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Author Topic: Question on emulating TinyCore's methodology for a multilib x86_64 Linux build  (Read 4861 times)

Offline daxm

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With RAM being relatively cheap and HDD throughput being such a bottleneck I've loved the ideas behind TinyCore Linux.  (TinyCore Linux's concept that a HDD is to RAM is what a tape drive is to a HDD.)  The idea that the WHOLE OS is running in RAM and that the HDD is just for archiving purposes really rings home with me!

Sadly, I have yet to find a Linux distro that shares TinyCore's ideals while yet allowing for larger than 3GB of RAM.  (i.e. a 64 bit Linux OS that runs purely in RAM and archives to the HDD).  I even read the whole CLFS doc hoping that it would discuss the idea of booting to tmpfs filesystems.

So, to my question.  I'd like to find/build a 64 bit Linux distro to access my additional RAM, to run in RAM, and use the HDD as an archive/backup mechanism.  I've even speculated how the system would boot (load a very small OS off of the HDD, mount a tmpfs, tar -zxvf archived/backup file to tmpfs filesystem, chroot to the tmpfs mounted dir.  Then occasionally archive tmpfs filesystem to protect against loss of power.)  Honestly I have no idea how to do this though.  :-(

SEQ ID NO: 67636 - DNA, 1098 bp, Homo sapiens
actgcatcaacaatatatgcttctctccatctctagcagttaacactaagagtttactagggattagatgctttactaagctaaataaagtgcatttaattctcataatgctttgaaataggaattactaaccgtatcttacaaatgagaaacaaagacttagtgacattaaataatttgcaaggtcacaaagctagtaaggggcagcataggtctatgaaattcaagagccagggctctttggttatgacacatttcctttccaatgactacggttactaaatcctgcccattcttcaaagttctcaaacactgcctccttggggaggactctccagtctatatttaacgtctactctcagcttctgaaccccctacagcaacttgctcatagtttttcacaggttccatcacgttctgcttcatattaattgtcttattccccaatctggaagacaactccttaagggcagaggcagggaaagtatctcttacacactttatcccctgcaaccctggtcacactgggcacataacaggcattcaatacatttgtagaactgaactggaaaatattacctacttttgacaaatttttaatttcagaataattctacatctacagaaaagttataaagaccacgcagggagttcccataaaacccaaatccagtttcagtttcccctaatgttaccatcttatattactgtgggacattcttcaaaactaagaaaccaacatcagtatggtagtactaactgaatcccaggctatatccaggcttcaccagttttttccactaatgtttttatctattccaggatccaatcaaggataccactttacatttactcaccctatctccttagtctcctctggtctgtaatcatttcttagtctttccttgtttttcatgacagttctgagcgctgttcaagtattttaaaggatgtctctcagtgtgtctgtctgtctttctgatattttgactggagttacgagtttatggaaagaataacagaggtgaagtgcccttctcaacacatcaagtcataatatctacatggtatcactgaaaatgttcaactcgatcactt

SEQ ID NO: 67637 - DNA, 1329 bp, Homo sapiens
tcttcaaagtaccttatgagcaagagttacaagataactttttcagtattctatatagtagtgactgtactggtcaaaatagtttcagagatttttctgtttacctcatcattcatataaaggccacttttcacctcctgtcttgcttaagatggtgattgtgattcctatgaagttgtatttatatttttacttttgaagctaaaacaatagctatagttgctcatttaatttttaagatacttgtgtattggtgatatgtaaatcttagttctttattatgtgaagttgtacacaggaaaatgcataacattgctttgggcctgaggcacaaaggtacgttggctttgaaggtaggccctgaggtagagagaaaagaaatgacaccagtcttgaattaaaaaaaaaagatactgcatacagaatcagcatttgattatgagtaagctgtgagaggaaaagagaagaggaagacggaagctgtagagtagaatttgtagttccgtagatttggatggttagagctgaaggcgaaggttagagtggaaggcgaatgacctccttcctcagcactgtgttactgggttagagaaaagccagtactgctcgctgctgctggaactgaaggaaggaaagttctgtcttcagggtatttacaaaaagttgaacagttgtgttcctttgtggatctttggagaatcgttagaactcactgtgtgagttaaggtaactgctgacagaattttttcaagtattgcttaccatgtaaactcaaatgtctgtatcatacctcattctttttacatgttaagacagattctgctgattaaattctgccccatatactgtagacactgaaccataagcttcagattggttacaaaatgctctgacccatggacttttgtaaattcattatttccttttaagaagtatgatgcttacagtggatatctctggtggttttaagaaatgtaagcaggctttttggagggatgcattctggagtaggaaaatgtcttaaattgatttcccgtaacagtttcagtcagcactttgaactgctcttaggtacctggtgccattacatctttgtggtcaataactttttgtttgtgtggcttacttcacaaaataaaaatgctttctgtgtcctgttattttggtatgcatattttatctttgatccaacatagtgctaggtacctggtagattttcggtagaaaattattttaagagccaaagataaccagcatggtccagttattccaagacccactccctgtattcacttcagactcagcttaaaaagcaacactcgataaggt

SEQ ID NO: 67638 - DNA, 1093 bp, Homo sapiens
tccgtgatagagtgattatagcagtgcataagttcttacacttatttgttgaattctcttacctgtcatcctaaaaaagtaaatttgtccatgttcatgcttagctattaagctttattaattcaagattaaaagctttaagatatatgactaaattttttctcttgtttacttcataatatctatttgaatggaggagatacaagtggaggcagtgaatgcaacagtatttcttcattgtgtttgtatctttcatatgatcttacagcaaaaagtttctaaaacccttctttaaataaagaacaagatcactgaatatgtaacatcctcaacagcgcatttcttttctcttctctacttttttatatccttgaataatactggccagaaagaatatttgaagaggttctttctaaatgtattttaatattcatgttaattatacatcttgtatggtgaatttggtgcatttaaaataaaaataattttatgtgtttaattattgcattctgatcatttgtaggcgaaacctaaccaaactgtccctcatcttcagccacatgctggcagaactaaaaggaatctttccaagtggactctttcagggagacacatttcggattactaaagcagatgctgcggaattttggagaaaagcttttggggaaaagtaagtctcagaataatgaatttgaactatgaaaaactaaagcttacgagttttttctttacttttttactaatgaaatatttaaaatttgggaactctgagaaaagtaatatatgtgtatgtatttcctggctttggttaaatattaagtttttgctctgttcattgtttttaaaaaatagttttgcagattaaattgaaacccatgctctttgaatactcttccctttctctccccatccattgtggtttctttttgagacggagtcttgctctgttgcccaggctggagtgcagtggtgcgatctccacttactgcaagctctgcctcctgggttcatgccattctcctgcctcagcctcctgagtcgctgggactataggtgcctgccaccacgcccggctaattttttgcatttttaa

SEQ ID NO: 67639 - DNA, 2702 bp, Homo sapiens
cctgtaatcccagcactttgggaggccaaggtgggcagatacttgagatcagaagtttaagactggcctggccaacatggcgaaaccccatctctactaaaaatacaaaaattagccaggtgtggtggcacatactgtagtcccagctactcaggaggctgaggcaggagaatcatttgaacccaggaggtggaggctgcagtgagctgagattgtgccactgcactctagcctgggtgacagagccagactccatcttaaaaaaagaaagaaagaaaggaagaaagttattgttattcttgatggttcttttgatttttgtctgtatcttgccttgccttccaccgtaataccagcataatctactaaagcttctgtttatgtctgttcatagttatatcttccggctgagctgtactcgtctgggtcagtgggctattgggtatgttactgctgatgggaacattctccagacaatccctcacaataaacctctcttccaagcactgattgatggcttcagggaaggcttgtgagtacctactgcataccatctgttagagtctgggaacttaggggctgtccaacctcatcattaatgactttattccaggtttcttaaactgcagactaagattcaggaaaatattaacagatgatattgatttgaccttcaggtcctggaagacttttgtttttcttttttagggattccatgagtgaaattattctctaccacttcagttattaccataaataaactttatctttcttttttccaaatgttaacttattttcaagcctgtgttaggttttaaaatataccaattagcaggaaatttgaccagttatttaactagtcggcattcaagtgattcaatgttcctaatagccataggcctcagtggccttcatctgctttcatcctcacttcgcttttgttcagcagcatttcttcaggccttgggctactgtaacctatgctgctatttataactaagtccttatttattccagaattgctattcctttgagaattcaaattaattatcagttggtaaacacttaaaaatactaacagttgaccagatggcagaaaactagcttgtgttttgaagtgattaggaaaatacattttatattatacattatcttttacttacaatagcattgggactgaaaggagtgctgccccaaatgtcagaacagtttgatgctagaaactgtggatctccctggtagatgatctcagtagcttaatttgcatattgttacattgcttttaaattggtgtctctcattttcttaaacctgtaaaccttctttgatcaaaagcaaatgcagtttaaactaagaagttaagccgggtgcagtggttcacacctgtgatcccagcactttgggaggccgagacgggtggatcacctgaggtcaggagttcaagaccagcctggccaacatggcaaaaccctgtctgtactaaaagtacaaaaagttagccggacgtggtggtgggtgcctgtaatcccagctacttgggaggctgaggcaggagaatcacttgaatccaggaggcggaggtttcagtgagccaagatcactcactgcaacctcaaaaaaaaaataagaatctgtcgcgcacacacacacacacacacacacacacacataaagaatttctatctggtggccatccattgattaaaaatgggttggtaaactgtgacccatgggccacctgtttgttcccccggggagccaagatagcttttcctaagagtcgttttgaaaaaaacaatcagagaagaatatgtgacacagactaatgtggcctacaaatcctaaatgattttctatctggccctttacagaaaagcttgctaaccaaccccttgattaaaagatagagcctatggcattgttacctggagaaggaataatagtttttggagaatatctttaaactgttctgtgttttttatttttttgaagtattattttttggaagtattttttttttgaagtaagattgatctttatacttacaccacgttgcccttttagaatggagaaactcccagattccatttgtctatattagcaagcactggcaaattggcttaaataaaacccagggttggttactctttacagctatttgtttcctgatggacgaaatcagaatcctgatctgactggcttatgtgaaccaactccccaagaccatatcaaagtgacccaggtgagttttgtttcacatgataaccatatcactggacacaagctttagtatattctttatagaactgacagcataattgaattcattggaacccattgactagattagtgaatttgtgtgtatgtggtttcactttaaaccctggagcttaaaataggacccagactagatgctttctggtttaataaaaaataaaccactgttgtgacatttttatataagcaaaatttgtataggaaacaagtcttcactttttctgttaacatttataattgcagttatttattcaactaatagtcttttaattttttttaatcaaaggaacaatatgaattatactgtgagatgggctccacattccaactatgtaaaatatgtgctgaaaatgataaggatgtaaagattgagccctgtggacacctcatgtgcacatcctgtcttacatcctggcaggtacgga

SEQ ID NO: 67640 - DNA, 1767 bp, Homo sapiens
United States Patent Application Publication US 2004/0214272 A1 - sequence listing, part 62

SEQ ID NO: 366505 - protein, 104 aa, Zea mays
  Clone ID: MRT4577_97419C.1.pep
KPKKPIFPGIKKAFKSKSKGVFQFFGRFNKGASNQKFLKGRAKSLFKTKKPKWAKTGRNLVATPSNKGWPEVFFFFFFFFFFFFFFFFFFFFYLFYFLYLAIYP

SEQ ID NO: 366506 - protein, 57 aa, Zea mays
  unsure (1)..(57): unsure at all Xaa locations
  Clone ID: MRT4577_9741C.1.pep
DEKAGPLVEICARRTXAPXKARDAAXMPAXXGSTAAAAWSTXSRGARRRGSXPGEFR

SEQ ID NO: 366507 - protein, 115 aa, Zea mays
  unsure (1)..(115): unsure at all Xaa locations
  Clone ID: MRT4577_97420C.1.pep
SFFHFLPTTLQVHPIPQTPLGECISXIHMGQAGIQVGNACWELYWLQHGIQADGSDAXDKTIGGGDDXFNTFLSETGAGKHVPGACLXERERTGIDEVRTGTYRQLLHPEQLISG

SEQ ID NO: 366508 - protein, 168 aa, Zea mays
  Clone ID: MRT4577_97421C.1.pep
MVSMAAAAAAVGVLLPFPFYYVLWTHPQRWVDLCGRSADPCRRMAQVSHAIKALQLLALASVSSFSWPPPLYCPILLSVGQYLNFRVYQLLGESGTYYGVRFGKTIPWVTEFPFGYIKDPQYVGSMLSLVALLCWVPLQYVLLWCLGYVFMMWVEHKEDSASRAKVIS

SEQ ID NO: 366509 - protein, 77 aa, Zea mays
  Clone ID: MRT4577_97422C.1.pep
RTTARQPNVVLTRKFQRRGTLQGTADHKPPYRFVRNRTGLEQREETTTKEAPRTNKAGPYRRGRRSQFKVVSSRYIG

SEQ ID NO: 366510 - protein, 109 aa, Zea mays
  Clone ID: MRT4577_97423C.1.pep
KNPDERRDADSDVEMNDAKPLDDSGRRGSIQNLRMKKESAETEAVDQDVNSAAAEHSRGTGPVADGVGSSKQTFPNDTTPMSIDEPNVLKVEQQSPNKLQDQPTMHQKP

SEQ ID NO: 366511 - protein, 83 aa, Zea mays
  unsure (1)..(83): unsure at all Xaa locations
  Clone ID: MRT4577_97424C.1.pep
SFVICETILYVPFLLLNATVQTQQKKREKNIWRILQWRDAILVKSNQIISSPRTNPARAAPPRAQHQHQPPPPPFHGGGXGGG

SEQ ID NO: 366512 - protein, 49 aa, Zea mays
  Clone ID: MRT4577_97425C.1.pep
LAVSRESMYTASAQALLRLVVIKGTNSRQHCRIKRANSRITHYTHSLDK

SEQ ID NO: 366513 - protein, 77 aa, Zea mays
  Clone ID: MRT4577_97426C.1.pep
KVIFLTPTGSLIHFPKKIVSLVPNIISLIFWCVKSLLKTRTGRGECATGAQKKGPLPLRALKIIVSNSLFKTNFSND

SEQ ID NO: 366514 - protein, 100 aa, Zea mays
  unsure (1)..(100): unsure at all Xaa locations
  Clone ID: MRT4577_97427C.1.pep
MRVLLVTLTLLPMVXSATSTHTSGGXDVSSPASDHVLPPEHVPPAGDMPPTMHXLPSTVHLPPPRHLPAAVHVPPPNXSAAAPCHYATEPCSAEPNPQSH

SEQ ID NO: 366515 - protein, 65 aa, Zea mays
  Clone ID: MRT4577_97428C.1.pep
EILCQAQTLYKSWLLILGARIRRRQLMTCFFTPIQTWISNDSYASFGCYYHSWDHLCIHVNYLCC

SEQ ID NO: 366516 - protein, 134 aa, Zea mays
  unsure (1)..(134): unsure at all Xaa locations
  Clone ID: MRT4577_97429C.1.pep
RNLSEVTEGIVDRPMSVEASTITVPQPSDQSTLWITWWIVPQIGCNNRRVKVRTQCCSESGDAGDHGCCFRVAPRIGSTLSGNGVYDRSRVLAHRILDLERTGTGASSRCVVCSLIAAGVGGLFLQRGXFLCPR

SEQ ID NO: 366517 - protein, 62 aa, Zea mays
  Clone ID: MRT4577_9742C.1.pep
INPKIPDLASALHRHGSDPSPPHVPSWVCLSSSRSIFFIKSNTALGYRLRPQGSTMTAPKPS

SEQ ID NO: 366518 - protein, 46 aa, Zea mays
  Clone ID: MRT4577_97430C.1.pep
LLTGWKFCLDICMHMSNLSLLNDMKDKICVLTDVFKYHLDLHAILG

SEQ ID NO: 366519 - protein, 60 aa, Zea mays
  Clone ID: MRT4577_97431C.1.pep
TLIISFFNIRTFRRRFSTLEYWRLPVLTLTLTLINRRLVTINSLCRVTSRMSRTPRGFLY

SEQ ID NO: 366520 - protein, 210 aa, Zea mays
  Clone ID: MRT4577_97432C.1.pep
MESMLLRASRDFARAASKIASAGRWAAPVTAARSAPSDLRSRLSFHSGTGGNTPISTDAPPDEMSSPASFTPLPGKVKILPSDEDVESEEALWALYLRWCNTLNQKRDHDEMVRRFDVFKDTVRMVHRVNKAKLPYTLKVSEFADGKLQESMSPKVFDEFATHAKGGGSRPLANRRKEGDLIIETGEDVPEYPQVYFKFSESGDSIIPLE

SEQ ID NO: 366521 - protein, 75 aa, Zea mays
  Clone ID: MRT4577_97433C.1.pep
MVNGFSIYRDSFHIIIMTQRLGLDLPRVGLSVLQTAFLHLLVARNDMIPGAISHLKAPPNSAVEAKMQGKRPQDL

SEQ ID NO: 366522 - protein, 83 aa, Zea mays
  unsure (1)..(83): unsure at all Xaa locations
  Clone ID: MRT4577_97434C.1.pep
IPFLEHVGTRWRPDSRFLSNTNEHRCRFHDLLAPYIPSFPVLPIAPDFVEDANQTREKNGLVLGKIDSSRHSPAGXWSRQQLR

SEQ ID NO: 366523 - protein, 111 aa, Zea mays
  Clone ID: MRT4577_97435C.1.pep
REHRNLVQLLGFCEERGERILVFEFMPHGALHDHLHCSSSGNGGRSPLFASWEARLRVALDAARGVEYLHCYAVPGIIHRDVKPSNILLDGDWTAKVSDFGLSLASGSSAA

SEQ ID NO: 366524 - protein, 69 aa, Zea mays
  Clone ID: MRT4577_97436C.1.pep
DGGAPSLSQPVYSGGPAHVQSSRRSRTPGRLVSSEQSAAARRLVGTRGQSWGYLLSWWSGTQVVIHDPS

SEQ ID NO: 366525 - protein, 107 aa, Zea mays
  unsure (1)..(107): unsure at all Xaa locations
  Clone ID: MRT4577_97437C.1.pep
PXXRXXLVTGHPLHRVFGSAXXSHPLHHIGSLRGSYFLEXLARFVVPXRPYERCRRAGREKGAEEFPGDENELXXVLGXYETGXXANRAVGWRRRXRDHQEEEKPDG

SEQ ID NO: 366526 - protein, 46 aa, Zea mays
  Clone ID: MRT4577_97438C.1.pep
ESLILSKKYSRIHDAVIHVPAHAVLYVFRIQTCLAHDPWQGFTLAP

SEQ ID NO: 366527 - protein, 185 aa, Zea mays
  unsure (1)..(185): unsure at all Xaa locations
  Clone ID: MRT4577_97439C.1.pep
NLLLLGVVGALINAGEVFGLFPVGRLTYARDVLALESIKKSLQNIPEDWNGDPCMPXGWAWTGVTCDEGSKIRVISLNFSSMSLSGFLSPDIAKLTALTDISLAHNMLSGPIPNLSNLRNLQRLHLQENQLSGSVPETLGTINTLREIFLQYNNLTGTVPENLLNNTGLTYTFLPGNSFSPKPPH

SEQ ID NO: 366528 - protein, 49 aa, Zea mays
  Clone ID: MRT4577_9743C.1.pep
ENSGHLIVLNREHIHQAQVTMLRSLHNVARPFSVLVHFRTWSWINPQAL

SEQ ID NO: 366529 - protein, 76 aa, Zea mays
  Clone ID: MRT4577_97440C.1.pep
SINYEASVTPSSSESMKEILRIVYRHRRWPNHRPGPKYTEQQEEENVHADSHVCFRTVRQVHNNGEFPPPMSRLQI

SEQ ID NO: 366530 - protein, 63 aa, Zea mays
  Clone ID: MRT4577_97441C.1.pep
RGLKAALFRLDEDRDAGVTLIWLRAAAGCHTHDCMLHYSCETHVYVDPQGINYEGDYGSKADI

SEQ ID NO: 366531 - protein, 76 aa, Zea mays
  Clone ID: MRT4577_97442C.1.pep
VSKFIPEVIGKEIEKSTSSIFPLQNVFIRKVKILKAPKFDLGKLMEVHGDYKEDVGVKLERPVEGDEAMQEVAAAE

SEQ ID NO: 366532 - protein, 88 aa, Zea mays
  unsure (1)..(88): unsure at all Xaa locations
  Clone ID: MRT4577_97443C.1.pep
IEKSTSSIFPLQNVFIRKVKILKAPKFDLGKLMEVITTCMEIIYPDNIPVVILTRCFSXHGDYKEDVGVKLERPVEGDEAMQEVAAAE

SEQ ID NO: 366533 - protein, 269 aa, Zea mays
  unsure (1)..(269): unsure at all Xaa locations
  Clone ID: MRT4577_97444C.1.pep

Any suggestions on where I could get started?  (The best option being that it already exists, of course.)

The end goal is a "normal" home workstation that runs VMWare Server, GNS3/Dynamips and various typical office type apps (seamonkey, openoffice, VLC client, etc).

Any suggestions/hints/miracles are greatly appreciated.
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Offline ^thehatsrule^

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TC places everything into the initrd... could start by seeing how to create one.

Offline curaga

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You could also just compile a 64-bit kernel for TC (remember to enable 32-bit functionality) and so you can access all the ram. For each app there's still the 4gb border, but this solution might be enough.
The only barriers that can stop you are the ones you create yourself.